No longer being part of a ‘we’ is a confusing transition, but it is only lonely if you want it to be. Just as boredom is a creation that we can only conceive of because we have a word for it, loneliness is a state of mind bent into the shape of a woman slumped beneath the daunting prospect of facing the world alone. But that isn’t me. And it isn’t you. I don’t know how I came to identify with her, but she bears little resemblance to the woman who is actively present, and happy to be doing yoga, rock climbing, running in the foothill 5k races. Everything is possible; we have only to conceive of it. And I have come back to that, happily.

Returning to the country has been fraught. What I was coming back to unraveled and I experienced a sense of abandonment unlike anything my heart had ever tasted. But it was deceptive. Because I am not alone unless I want to be, and I have not been abandoned. I have been freed. And I freed myself; no one else could, just as no one may bind me. My sense of agency instills strength and courage in my identity as I seek to redefine myself once more. The dreams I’ve been having about stepping out of my car after pulling up in a cloud of dust and slamming it into park… like I do… then watching it roll away have me thinking. Who do I want to be? What do I want to leave behind and what should I take with me?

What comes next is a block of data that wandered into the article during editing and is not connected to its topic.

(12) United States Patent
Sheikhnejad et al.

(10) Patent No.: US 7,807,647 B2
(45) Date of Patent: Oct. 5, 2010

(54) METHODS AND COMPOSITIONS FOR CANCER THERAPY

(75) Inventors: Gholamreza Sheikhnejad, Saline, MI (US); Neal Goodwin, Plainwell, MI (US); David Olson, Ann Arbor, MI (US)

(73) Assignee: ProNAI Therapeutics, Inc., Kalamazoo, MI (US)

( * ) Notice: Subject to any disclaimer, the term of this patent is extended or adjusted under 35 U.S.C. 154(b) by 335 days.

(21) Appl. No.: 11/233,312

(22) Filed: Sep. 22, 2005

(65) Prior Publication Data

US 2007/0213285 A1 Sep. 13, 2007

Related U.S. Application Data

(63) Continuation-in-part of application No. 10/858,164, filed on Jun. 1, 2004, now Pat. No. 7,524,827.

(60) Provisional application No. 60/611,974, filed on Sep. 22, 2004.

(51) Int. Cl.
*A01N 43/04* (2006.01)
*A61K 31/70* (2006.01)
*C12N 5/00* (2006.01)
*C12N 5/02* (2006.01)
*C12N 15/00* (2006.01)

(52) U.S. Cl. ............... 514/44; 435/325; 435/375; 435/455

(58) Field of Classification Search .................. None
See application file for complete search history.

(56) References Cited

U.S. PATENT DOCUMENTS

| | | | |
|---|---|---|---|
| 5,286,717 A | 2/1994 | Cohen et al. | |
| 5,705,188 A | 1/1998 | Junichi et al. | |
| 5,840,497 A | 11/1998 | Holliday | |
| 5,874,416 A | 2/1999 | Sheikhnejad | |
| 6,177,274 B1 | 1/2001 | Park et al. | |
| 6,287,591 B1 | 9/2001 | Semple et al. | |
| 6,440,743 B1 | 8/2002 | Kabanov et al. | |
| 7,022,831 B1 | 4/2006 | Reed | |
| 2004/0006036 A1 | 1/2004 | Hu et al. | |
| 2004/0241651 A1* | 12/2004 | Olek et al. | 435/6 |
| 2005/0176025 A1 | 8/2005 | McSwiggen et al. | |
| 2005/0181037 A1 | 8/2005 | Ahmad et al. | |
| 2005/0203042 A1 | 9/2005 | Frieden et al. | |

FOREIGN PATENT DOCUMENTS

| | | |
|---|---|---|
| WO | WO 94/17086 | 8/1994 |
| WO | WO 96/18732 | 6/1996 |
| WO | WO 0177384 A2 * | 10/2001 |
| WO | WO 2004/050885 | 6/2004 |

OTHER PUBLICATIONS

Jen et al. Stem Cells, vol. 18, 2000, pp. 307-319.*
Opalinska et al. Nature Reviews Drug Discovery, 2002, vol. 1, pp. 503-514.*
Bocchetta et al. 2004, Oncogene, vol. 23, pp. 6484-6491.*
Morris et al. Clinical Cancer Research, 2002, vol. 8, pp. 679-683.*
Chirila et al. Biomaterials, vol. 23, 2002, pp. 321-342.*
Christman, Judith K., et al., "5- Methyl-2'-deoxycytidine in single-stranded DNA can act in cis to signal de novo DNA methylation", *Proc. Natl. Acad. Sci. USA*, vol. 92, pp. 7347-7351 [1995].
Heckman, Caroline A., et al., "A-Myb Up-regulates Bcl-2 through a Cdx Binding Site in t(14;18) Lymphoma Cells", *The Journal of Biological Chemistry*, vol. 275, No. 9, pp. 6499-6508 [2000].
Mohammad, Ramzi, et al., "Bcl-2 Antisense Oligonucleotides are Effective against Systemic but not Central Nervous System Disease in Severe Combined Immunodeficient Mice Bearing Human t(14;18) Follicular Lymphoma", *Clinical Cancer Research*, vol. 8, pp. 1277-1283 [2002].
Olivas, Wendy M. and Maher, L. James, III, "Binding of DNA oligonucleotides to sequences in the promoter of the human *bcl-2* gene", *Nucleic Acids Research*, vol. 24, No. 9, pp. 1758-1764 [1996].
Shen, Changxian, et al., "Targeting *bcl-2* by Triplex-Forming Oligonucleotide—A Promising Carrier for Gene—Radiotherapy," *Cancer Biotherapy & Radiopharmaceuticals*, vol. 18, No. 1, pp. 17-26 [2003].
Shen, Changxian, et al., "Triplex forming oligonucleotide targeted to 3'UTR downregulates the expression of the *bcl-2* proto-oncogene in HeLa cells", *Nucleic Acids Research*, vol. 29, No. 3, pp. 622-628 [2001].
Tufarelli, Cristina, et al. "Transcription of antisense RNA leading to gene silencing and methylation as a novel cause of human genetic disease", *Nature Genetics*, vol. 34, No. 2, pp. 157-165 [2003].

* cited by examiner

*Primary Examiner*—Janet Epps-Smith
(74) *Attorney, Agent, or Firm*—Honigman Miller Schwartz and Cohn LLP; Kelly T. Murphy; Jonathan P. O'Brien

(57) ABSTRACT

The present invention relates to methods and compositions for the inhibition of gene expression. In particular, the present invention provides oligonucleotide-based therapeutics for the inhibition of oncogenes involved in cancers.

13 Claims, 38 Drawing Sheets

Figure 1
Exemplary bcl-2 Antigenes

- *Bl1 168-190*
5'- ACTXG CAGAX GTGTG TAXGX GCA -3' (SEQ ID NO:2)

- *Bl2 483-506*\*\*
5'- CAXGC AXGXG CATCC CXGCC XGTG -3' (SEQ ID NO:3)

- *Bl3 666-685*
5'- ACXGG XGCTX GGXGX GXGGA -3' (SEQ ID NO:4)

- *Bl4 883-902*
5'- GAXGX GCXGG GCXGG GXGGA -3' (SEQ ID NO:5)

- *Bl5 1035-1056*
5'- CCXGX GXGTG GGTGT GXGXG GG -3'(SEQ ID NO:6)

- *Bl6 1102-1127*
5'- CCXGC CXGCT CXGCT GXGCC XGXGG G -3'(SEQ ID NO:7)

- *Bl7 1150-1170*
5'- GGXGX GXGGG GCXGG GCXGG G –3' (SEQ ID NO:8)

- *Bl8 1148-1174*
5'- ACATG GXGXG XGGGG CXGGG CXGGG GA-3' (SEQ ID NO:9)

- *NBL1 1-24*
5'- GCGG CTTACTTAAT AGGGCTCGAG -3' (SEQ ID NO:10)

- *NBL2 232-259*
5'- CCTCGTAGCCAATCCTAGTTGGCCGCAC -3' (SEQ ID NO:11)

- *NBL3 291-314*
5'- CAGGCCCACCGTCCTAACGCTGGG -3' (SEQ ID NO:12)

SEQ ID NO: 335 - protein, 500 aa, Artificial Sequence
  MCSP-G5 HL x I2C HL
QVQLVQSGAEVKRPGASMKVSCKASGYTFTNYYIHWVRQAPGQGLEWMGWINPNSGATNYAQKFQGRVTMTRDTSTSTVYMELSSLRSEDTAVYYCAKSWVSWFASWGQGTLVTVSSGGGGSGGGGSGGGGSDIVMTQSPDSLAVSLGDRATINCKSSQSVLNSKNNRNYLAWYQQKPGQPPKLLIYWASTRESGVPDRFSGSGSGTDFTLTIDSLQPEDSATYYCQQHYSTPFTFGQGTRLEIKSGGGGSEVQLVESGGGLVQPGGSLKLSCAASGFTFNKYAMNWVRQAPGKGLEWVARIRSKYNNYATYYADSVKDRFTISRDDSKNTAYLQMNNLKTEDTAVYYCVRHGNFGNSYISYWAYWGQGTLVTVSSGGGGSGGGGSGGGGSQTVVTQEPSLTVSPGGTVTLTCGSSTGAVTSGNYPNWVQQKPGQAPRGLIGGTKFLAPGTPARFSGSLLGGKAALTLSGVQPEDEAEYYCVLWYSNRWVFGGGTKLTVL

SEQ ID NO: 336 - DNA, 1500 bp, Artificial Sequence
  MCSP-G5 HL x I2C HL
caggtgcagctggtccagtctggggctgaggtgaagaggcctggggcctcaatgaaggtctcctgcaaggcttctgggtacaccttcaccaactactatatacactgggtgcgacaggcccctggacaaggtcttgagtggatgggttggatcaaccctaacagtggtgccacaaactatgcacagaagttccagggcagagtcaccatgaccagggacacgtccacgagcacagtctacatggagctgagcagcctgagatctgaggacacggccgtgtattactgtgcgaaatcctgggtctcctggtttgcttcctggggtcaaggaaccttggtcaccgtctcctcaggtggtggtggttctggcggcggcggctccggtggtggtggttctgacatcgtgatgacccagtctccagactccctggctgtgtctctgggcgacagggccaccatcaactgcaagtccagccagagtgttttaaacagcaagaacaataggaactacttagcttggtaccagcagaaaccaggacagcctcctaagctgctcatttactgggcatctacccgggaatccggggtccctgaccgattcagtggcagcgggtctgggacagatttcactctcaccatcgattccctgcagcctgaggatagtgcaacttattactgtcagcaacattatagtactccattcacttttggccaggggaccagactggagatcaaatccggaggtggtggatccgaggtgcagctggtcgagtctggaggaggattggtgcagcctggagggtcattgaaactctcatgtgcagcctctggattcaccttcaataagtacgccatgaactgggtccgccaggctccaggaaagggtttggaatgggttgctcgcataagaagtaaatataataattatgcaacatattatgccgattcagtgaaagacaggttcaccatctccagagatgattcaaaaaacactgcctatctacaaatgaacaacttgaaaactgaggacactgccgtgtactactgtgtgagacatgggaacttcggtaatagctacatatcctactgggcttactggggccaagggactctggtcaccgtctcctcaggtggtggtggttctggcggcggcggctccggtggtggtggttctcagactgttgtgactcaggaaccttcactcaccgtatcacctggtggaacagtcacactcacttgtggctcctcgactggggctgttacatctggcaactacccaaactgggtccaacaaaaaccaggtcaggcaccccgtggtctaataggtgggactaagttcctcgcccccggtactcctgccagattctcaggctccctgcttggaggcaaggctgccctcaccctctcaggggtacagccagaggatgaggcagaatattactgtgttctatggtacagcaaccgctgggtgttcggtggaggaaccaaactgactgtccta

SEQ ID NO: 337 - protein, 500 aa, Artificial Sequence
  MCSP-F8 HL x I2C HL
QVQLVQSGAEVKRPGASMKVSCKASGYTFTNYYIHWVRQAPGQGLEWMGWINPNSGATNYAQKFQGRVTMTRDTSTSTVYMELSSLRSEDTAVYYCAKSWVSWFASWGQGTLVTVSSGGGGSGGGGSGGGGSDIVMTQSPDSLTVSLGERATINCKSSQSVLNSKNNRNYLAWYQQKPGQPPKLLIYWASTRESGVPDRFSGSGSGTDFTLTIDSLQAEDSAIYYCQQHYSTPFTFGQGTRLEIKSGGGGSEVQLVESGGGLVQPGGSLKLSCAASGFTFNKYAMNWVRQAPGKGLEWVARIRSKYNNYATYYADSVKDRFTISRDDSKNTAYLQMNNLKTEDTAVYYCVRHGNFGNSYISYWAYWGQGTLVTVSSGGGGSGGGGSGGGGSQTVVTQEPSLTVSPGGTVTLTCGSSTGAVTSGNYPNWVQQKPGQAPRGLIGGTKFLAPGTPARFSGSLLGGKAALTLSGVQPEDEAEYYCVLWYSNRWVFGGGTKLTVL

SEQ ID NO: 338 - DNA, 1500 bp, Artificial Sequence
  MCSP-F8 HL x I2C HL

Here’s to the future, failing forward, and finding a new home. Transition is upon us, so this is me – here – now – stepping forward to embrace it. Maybe tomorrow it won’t be so terrifying. So, whoever you are, knitting in a café or gazing out your window at this interminable rain, mouth quirking when you see someone’s umbrella blown up by the wind, you aren’t done yet. Every moment is the beginning of a new chapter and I’m looking forward to reading about it. Consider this my hand reaching out and coshing you on the head so you’ll stop mourning love lost and start rejoicing in it.  This is my Samadhi.

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About Emilene Rodley

Recently returned to the United States, Emilene is working on remote care management initiatives, driving up and down the East coast far too often. Her carbon footprint is definitely a problem, using her bandhas less so.

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6 Responses to “Samadhi: Love Letters to the World.”

  1. Daniel Slanger Dan Slanger says:

    Always well-written, incisive stuff, Emilene; thanks.

  2. Hilary Lindsay Hilary Lindsay says:

    Emeline, thanks for sharing your soul searching and soul finding experience here. It was both interesting and uniquely described. Good that you put it out there.

  3. What a beautiful prose..! It's lovely to feel your experience, your words carried me to that day in the mountains with you. The moment is indeed perfect :)

  4. Michelle says:

    Such amazing insights, Emilene. Thank you for sharing such deeply felt, personal experiences so beautifully with us!

  5. Emilene Rodley Emilene Rodley says:

    Thank you! I’m interested to hear other Samadhi stories. And I hope this spoke to something in each of you, as it did me a world of good to write it.